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FIBA World Cup Top 20 Part 1: The Preview

C. Grrrrrbrrr really likes the FIBA World Cup and couldn't stop writing about it. In the first of his four-part series, C. takes a spectacularly long time explaining the criteria for his Top 20.

The Hunger Gaymes
The Hunger Gaymes

The idea was simple enough. Rank the 20 best players participating in the FIBA World Cup. With only 16 Americans available, how would the list break down? Who's #1 when the consensus top three players in the world - LeBron James, Kevin Durant, and Chris Paul - aren't playing?

Sing it, Darkness...

Unsurprisingly, finding the answers to these questions proved far more difficult than anticipated. In fact, this piece has already provoked almost unprecedented levels of consternation within the "offices" of GBB, so before we get to counting down "The FIBA Top 20," allow me to explain the process a little bit.

The goal is uncomplicated: rank the best players in the tournament from 20-1. Ranking the best of anything is inherently subjective in sports when it's not the direct result of competition, so I did the natural thing and created a ridiculous hypothetical situation that I believed would reinforce my opinions and biases.

Here's the idea: imagine you're at the FIBA World Cup next month in Barcelona, and you're walking around Las Ramblas when the bad guys from Taken drive up beside you in an unmarked van and kidnap you. After a brief stop at their torture shack, you're led blindfolded and terrified into a futuristic arena. You're placed next to 19 other Americans basketball fans who care enough to fly to Spain to watch an international tournament during the start of football season (though not because they're, like, #richkidsofinstagram or anything, they're really into it). Phillip Seymour Hoffman saunters toward a railing on a floating platform and looks down at you with a mix of sorrow and contempt (as only he could . . . RIP).


"Alright, alright, let's move it along," Hoffman says, sardonically. "Look to your left. Now look to your right. When we're done with the business at hand, both of them will be dead." He pauses. Then sighs. "Or you will be."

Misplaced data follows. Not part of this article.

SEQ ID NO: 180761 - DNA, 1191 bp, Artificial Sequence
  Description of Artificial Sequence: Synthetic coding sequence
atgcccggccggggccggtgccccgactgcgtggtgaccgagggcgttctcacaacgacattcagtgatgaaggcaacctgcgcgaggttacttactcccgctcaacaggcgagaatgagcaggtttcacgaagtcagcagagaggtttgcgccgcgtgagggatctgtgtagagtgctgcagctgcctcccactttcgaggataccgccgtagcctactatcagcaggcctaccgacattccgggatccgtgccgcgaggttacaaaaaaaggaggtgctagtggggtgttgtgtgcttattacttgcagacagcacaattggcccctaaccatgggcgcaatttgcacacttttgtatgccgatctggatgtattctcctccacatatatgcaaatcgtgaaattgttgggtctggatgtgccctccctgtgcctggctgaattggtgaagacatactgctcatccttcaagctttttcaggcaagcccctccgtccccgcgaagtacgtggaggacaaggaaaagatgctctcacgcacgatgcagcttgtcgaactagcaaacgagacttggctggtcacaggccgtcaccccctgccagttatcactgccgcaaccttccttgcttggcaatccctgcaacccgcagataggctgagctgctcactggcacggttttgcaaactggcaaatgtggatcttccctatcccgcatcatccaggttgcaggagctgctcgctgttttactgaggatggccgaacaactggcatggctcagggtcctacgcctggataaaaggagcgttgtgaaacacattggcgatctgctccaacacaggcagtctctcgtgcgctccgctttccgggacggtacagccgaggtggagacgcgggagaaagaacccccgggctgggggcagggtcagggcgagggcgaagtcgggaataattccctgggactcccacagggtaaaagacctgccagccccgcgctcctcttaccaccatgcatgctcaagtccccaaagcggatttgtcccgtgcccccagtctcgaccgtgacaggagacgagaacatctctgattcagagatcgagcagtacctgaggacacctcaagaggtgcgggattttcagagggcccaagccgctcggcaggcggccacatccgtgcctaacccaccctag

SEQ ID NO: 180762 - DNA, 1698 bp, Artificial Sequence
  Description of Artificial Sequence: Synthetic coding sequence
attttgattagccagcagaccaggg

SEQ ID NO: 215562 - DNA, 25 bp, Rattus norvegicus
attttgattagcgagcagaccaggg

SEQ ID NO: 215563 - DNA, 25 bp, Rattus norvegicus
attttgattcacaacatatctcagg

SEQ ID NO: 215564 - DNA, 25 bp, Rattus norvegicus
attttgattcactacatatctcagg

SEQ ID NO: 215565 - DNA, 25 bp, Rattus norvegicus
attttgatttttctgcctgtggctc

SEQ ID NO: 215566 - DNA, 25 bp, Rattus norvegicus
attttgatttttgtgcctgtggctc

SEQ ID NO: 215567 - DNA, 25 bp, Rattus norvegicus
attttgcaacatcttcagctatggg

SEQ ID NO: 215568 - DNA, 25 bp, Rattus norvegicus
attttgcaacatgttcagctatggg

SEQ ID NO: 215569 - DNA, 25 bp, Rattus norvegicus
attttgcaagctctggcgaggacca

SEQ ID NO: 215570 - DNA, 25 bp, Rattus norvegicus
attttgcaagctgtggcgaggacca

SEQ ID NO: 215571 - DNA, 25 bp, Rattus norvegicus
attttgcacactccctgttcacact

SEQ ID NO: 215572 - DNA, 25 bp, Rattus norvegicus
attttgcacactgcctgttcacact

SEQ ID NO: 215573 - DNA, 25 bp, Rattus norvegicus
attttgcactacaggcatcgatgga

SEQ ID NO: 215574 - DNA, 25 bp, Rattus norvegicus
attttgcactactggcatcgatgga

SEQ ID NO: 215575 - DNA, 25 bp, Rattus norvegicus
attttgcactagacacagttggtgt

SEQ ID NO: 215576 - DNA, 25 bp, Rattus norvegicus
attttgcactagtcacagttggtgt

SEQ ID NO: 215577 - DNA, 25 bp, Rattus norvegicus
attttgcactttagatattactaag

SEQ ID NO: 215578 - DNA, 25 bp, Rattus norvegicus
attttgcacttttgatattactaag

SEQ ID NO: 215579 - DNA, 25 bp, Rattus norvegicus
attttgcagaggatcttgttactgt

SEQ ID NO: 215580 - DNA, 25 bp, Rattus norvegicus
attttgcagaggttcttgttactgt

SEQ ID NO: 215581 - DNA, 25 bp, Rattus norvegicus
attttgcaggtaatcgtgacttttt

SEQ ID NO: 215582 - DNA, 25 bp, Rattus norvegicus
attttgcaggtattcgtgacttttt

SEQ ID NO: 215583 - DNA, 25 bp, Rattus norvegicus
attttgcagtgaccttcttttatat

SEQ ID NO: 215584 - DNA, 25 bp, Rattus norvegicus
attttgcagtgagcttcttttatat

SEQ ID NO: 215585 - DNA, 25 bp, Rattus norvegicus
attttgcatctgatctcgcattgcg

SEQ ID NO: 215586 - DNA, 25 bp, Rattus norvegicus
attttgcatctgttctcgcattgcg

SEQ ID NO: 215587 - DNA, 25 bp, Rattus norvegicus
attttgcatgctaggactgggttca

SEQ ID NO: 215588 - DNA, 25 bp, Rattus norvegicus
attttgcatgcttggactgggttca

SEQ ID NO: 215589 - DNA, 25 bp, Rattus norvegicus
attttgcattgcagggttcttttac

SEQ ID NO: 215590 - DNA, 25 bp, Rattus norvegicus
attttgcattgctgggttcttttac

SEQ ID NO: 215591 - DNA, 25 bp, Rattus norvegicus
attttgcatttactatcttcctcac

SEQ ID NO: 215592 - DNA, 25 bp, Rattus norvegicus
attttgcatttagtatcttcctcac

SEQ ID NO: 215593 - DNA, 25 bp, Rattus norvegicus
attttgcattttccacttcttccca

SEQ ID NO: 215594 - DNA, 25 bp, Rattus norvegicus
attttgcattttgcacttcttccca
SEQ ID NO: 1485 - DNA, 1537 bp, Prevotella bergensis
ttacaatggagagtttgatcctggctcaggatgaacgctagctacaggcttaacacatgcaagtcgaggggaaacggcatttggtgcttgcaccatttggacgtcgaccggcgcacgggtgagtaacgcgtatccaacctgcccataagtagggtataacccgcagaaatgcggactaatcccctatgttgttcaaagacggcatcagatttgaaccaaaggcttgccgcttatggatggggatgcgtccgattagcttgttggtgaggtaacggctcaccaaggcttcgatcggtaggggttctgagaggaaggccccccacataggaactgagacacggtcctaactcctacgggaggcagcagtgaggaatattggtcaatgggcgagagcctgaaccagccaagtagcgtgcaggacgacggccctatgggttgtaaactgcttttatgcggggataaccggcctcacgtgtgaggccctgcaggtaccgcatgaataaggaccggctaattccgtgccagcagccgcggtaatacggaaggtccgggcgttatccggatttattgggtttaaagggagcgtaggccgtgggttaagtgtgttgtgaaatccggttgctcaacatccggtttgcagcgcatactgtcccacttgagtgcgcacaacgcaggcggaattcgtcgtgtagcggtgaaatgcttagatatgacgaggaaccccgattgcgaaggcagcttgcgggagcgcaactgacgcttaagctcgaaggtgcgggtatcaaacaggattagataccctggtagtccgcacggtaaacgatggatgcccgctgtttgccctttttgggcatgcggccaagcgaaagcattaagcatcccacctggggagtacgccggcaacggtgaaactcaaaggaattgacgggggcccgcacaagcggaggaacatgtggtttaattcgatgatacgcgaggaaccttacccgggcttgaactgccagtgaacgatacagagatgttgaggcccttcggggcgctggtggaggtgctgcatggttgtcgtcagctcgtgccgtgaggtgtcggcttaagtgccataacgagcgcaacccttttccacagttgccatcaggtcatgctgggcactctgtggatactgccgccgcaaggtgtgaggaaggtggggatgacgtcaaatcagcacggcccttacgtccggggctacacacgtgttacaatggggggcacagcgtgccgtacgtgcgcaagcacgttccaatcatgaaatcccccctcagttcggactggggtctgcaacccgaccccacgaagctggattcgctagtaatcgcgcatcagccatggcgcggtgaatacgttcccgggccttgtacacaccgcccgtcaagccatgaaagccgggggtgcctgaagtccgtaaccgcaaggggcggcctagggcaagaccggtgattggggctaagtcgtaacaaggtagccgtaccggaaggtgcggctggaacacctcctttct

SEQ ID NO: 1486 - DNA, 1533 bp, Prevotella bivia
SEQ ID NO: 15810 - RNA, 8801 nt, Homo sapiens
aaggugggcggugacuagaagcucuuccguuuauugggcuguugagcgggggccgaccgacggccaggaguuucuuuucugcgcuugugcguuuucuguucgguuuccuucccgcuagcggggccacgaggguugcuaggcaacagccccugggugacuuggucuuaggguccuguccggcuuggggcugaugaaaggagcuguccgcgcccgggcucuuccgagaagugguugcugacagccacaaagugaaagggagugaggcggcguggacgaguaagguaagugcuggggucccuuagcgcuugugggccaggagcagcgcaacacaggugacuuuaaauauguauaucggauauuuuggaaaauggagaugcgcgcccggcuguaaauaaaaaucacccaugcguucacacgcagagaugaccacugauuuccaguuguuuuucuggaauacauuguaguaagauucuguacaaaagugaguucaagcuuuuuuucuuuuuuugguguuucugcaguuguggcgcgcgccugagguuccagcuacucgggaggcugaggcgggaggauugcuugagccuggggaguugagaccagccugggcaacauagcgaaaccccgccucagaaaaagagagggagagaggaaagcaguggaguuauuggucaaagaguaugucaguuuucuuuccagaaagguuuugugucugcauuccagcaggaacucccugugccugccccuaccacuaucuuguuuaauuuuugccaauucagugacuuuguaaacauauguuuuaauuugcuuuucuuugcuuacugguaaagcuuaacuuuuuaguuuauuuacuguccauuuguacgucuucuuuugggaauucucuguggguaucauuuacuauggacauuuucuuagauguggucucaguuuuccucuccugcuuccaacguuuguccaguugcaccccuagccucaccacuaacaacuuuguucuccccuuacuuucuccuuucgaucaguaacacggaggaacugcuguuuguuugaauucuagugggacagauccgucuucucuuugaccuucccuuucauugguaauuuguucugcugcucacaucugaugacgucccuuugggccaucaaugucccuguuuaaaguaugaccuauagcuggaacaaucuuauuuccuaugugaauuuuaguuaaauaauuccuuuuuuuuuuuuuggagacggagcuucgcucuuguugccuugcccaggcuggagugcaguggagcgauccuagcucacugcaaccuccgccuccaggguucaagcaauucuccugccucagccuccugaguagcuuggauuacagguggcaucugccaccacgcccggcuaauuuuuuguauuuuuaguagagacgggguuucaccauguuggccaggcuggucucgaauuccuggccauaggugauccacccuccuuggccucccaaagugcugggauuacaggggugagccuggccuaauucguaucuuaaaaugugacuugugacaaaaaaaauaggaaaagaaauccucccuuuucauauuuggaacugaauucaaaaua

Then, the puppet from the Saw movies shows up as, I dunno, a hologram I guess, and explains that you and the other 19 people next to you get to pick your own teams for a 5-on-5 tournament from among the players who will be playing in the FIBA World Cup and that the winner gets a billion dollars and to not die.


He adds, "Oh yea, we gave all the players a pill that makes them think that they're still playing in the World Cup, so they'll play with the exact same urgency that they would have with their national teams. So like, they'll definitely care about winning, but it won't make James Harden play defense, amiright?" Everyone laughs nervously. "But when your team loses, I get to eat you or shoot you or whatever happens in those movies that I'm in."

And then this happens:


So, the rankings reflect the order in which you and your fellow abductees pick your players in the Hunger Saw Tournament of Death. First pick = best. There are close to 400 people playing in the FIBA World Cup from whom you can select. For reference (and search engine optimization), here's a list of notable players who aren't participating:

Lebron James, Dwight Howard, Carmelo Anthony, LaMarcus Aldridge, Blake Griffin, Chris Paul, Kevin Durant, Kevin Love, Dirk Nowitzki, Tim Duncan, Tony Parker, Manu Ginobili, Kawhi Leonard, Zach Randolph, Mike Conley, Andrew Wiggins, Kobe Bryant, Russell Westbrook, Joakim Noah, John Wall, Kevin Garnett, Paul Pierce, Rajon Rondo, Jabari Parker, Al Jefferson, Paul George

A couple of other caveats: assume it's a snake draft (i.e. the guy picking 20th picks 21st, etc., I don't know why this matters, but people asked); your first pick is more than likely going to be the centerpiece around which you construct your team, which I think tends to favor certain positions (1s and 5s) over others (wings, 3-point specialists); and all things being equal, I'm giving a small advantage to the international players because these tournaments mean considerably more to them than the Americans. Got it? Good. Here we go.

Coming Tomorrow: Honorable Mentions and Rudy Gay